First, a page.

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Dec. 22, 2008 – Fall hunting sales take a hit

By Steve Bauer
Managing Editor
In what is typically the strongest part of the year for hunting-related product sales, manufacturers and dealers have seen troubling declines for both new unit and PG&A sales.
In a recent online poll conducted by Powersports Business, nearly 53 percent of respondents stated their sales of hunting-related products were significantly down compared to 2007.
Those grim numbers were enforced by the November sales report released by the Outdoor Industry Association (OIA). The OIA reported that core outdoor retailers saw sales in all three channels (specialty, chain and Internet) decline 12 percent from November 2007.
The report also revealed that specialty stores, which includes retail outlets such as dealerships, posted a decline in sales for the first time since October 2006.

retailers reporting declines
The news is not surprising to powersports retailers and dealers that have seen hunting-related sales slow to a crawl in the past three months. Wade Grienke, ATV product manager for hunting accessory manufacturer Mad Dog Gear, says sales for his company’s products have been sluggish this fall.
“We did expect sales to slow somewhat, and results have been in line with our estimates,” he said. “We’re hoping with some promotional sales and other incentives that we can pick up that slack during the holidays.”
Darrell Tadman, owner of Crystal Powersports outside of Little Rock, Ark., says the decline in hunting-related sales has actually been a trend he’s seen at both of his dealerships for the past few years.
“We really started to notice a dropoff in our fall hunting sales about two years ago,” Tadman said. “Big-ticket items have taken the biggest tumble, especially this hunting season. We’ve probably sold five or six ATVs since the beginning of September, and three years ago we had already sold close to 20 units leading up to the Christmas holiday.”
Tadman says most of his hunting customers are focusing their purchases this season on essentials only, choosing to hold off on a new ATV, gun scabbard or parka that they might have bought on impulse in previous years.
“Customers know exactly what they want when they walk through our doors, and most don’t even want to discuss non-essential purchases,” he said. “The only way to get them to really consider an item is if it has been heavily discounted or included as part of a package promotion.”

Internet sales stay strong
The November OIA report showed one retail outlet, Internet sales, has yet to feel the negative effects of the down economy. In November, hunting-related Internet sales totaled $67 million, which included a 20 percent increase in new unit sales and an 11 percent increase in overall dollars spent compared to November 2007.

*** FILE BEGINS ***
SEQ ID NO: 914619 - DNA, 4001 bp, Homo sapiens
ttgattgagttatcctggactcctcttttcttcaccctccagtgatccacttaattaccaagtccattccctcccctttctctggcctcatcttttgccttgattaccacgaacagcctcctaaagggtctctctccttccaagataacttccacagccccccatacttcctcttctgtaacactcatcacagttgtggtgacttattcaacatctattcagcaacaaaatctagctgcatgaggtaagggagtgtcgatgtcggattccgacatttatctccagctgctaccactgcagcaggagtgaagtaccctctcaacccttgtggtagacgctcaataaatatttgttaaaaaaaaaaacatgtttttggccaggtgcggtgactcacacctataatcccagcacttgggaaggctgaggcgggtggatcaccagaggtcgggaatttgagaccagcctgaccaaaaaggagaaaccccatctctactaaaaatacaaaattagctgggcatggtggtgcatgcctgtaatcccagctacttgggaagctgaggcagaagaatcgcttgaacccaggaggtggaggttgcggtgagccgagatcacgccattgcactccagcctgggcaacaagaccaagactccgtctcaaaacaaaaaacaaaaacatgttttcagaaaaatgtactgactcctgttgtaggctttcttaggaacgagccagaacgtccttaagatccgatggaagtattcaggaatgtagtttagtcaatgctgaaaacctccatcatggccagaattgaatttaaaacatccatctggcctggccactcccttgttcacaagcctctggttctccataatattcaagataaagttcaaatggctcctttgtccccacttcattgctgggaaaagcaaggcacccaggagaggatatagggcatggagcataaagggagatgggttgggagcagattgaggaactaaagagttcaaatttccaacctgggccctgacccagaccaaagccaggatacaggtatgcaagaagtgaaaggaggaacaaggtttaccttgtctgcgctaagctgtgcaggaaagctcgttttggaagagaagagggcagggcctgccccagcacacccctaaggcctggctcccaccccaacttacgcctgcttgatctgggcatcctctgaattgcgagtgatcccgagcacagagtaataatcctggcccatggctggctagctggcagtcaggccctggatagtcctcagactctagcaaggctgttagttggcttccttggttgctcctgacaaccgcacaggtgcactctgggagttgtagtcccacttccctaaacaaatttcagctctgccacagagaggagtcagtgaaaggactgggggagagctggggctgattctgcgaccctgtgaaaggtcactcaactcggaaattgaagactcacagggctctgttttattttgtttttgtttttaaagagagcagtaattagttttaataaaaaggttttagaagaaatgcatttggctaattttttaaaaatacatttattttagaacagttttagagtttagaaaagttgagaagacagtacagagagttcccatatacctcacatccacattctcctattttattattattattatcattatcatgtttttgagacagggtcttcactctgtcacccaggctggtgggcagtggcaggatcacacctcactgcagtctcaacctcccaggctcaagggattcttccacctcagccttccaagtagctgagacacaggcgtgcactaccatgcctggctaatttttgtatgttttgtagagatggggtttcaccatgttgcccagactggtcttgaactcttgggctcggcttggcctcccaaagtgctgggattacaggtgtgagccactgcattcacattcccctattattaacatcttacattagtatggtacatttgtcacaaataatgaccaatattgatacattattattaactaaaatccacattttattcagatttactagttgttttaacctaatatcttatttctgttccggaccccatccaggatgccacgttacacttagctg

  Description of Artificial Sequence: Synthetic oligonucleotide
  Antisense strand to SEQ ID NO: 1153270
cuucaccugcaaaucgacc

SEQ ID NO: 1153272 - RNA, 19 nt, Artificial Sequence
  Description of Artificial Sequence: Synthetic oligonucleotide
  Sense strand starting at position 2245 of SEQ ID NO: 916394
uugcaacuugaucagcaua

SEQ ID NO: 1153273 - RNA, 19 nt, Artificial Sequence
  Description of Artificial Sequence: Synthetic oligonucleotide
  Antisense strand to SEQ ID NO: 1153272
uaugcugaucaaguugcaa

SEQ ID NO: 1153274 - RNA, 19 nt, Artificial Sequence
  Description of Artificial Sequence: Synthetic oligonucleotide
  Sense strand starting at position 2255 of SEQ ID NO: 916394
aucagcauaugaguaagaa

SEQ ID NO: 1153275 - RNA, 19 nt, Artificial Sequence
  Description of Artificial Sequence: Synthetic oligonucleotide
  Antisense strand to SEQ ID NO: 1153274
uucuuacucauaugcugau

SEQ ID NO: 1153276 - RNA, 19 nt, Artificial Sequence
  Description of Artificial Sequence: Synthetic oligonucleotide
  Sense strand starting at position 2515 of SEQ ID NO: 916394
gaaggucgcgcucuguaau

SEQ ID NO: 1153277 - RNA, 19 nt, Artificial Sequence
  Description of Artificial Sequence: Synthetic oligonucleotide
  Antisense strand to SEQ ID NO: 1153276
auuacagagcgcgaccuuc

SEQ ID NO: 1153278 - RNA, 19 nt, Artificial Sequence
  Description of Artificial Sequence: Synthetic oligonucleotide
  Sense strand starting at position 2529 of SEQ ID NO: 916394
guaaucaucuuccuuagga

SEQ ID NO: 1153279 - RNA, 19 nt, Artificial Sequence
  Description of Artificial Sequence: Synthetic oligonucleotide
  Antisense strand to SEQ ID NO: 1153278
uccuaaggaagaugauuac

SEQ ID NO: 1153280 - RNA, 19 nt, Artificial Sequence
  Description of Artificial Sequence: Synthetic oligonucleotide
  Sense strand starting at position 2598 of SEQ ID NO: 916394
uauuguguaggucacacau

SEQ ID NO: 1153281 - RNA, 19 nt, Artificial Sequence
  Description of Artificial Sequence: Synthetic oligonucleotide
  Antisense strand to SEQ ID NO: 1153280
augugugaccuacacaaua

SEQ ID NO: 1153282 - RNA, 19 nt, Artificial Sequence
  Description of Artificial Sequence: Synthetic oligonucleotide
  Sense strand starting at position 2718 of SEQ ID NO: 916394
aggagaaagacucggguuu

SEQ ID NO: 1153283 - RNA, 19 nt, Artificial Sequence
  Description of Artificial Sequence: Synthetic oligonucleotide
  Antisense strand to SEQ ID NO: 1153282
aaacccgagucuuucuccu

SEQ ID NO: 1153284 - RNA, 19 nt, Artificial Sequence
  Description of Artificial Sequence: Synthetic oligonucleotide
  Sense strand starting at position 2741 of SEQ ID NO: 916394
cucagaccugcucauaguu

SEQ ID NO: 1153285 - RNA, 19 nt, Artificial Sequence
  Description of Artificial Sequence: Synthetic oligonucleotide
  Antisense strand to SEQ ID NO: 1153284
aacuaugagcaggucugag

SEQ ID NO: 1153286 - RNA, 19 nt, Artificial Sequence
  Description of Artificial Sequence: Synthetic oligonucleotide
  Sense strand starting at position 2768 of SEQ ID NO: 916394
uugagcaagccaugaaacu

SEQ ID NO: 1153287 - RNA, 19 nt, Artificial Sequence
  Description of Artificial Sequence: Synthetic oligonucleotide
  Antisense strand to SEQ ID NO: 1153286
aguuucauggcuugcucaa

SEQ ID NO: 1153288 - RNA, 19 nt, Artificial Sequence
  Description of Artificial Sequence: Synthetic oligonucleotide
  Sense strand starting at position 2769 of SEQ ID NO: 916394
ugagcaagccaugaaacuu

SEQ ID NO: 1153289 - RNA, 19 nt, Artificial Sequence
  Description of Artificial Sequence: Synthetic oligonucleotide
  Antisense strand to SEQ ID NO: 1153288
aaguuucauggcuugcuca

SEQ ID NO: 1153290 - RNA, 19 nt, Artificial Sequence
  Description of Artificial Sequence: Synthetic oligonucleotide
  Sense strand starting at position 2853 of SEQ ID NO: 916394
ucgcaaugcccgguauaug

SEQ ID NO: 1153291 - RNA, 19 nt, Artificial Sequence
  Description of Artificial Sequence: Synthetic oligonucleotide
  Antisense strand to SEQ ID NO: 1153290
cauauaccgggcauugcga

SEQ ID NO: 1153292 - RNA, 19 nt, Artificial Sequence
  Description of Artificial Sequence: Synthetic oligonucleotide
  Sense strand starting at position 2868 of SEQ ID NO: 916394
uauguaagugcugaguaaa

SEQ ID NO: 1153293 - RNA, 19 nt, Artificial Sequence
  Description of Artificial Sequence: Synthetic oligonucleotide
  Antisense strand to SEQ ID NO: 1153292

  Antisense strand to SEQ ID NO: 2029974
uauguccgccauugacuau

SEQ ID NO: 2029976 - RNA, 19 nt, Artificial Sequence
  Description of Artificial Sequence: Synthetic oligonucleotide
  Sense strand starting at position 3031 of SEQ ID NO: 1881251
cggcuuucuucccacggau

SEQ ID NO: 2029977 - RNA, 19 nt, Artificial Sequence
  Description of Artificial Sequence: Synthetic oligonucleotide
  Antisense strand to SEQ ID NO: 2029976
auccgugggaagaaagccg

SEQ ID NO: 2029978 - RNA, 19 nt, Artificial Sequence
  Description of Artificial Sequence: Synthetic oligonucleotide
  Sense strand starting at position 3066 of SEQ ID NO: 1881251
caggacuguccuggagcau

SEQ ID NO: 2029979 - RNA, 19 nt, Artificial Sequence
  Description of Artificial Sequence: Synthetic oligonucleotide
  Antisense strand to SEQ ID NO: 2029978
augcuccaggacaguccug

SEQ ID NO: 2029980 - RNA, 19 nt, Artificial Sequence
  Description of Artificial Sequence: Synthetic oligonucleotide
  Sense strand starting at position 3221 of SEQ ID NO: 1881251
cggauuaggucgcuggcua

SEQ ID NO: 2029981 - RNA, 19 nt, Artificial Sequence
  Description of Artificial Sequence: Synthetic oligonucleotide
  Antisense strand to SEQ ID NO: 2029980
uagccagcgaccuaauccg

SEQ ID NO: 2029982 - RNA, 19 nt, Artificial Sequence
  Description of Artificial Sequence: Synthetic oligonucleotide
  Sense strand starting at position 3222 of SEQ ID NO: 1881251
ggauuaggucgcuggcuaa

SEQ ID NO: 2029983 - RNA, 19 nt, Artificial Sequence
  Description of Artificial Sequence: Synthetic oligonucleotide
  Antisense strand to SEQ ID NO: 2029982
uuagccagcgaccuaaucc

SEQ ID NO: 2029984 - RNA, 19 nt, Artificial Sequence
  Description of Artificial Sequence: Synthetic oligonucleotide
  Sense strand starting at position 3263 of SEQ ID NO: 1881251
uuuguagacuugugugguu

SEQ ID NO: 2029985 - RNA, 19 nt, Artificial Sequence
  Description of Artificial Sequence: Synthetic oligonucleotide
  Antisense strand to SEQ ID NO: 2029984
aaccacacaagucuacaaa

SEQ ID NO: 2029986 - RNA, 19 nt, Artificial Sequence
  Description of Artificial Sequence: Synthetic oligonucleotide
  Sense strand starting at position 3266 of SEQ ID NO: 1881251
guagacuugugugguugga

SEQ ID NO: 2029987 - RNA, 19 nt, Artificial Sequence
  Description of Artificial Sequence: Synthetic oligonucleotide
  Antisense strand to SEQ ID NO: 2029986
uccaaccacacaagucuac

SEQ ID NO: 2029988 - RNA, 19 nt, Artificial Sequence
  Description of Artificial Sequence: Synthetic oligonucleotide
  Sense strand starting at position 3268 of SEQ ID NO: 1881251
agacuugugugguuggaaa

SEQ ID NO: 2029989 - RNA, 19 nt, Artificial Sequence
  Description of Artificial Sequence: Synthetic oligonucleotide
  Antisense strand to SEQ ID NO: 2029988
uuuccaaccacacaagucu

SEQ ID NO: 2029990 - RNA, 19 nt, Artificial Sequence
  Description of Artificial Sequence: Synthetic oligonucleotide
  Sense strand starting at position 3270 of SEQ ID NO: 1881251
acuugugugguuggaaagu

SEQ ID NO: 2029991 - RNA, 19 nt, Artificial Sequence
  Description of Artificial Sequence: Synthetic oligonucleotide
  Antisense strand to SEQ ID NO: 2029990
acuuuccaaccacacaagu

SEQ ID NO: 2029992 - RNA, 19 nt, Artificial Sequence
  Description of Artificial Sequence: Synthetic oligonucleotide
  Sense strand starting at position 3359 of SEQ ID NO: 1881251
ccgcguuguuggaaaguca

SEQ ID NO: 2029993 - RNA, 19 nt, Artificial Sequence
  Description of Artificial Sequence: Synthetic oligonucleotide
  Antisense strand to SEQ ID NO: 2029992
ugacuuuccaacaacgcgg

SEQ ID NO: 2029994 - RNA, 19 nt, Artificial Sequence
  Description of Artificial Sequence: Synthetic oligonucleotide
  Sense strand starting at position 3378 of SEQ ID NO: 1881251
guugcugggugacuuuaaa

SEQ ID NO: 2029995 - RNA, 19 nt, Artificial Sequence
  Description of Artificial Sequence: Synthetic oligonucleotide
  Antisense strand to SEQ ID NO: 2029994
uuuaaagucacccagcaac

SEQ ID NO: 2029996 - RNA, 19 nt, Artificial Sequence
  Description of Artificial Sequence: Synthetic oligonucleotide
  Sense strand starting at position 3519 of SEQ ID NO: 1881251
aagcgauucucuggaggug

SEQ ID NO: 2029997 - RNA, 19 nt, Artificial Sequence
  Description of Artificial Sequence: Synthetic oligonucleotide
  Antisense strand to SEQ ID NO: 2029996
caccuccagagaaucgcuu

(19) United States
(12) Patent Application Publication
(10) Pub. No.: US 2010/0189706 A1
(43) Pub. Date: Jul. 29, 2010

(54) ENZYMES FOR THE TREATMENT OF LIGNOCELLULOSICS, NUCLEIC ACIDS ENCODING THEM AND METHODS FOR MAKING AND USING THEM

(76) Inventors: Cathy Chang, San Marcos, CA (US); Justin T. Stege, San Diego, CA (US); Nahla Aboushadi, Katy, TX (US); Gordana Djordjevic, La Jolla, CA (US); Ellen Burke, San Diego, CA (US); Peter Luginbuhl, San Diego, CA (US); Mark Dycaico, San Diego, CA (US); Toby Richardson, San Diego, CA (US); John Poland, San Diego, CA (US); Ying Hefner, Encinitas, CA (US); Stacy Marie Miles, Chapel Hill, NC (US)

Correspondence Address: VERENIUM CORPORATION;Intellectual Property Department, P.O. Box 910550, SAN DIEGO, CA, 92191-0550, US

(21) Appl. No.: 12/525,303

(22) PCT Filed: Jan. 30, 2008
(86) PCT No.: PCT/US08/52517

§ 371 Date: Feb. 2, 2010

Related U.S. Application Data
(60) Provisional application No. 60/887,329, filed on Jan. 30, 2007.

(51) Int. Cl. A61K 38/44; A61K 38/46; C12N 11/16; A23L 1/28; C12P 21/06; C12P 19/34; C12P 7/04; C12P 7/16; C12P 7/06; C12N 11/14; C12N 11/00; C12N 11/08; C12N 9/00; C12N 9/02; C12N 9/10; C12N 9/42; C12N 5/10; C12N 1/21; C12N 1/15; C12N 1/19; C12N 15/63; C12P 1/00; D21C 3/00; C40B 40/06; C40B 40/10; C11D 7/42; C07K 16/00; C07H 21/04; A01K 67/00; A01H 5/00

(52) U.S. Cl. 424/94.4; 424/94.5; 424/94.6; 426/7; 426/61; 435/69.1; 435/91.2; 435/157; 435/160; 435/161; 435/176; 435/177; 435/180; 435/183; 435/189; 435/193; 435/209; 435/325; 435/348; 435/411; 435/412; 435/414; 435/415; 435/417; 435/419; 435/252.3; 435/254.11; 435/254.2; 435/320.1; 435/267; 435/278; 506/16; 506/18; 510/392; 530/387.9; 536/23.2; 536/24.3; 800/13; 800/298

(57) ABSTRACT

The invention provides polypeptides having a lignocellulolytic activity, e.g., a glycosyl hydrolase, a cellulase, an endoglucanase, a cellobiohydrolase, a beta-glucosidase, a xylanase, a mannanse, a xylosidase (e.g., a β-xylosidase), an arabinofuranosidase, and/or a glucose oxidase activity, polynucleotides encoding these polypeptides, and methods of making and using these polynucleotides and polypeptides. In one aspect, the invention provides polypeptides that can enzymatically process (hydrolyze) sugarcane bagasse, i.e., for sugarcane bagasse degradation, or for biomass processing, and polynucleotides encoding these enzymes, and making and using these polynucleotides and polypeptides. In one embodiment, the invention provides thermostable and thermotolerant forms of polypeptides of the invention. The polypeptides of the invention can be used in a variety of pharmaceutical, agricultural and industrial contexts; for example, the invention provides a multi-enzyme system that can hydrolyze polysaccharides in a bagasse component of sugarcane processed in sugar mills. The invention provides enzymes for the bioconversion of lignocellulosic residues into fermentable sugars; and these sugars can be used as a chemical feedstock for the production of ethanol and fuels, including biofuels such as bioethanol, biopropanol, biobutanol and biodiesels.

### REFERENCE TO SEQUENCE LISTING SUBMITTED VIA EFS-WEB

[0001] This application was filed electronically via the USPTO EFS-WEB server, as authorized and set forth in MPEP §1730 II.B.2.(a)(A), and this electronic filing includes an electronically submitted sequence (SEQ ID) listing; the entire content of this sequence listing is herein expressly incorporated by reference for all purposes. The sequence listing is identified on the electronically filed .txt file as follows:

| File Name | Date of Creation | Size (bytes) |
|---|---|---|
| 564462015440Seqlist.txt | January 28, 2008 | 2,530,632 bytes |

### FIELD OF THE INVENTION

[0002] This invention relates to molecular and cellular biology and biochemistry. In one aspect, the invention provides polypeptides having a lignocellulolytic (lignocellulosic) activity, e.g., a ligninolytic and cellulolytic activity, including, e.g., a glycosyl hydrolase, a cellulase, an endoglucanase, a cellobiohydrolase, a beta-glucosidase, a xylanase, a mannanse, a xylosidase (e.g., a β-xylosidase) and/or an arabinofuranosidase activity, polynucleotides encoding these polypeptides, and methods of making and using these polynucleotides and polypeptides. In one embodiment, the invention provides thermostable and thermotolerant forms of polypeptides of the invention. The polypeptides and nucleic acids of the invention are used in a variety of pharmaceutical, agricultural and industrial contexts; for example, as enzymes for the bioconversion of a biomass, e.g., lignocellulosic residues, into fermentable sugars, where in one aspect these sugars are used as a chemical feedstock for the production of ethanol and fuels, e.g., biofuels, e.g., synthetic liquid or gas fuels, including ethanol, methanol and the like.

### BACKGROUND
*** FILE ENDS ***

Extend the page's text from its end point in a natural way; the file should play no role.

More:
Rodney Adams, a communications coordinator for the OIA, says similar to findings in other industries, core outdoor shoppers seem reluctant to buy big-ticket items, such as ATVs, firearms, safes and vehicle accessories, such as sport racks. However, lower-priced equipment accessory categories gained 15 percent in accessories attached to units and 8 percent in apparel and other accessories, reinforcing the belief that hunting consumers are focusing on need-based items.
“We found that both apparel and footwear had modest gains, with outerwear and sportswear sales remaining flat,” he said. “Dealers should try to focus on showcasing their hunting accessories and other related small-ticket items, as we believe those products are going to gain traction in what is widely agreed will be a soft economy in 2009.”

Hunting interest decreasing
The poor retail sales are reflecting what hunting industry experts see as a larger problem plaguing many states: Revenue from hunting and fishing license sales is plunging because of waning interest in the outdoors.
“We’re losing our rural culture,” said Steve Wright, a regional representative for the National Wildlife Federation. “There are so many distractions, and we’re not recruiting young people into hunting and fishing.”
Sales of hunting licenses in Pennsylvania, which boasts the most hunters per capita than any state in the U.S., have dropped more than 20 percent in the past two years, leaving the state’s Fish and Wildlife Department pleading with lawmakers for more money, and local dealerships scrambling to fill the gap in lost profits.
Other traditionally “hunter friendly” states have reported similar dropoffs:
• Arkansas hunting license sales dropped from about 345,000 in 1999 to about 319,000 in 2003.
• Wisconsin sold about 946,000 hunting licenses in 2008, down from just more than a million in 2007, and a peak of 1.3 million in 2006.
• Oregon had 70,000 fewer licensed hunters, a 20 percent decline compared to 2007.
• West Virginia sold 154,763 resident hunting permits in 2008, a 17 percent decrease.
With the decrease in hunters heading to the field, Tadman worries if hunting-related sales will ever come back to levels seen in the past.
“Arkansas is a hunting-oriented state, and it scares me as a dealer to see participation numbers on the decline,” he said. “The economy will recover at some point, but it won’t matter if there aren’t as many hunters in the field anymore. It’s a double dose of bad news for my dealership.”

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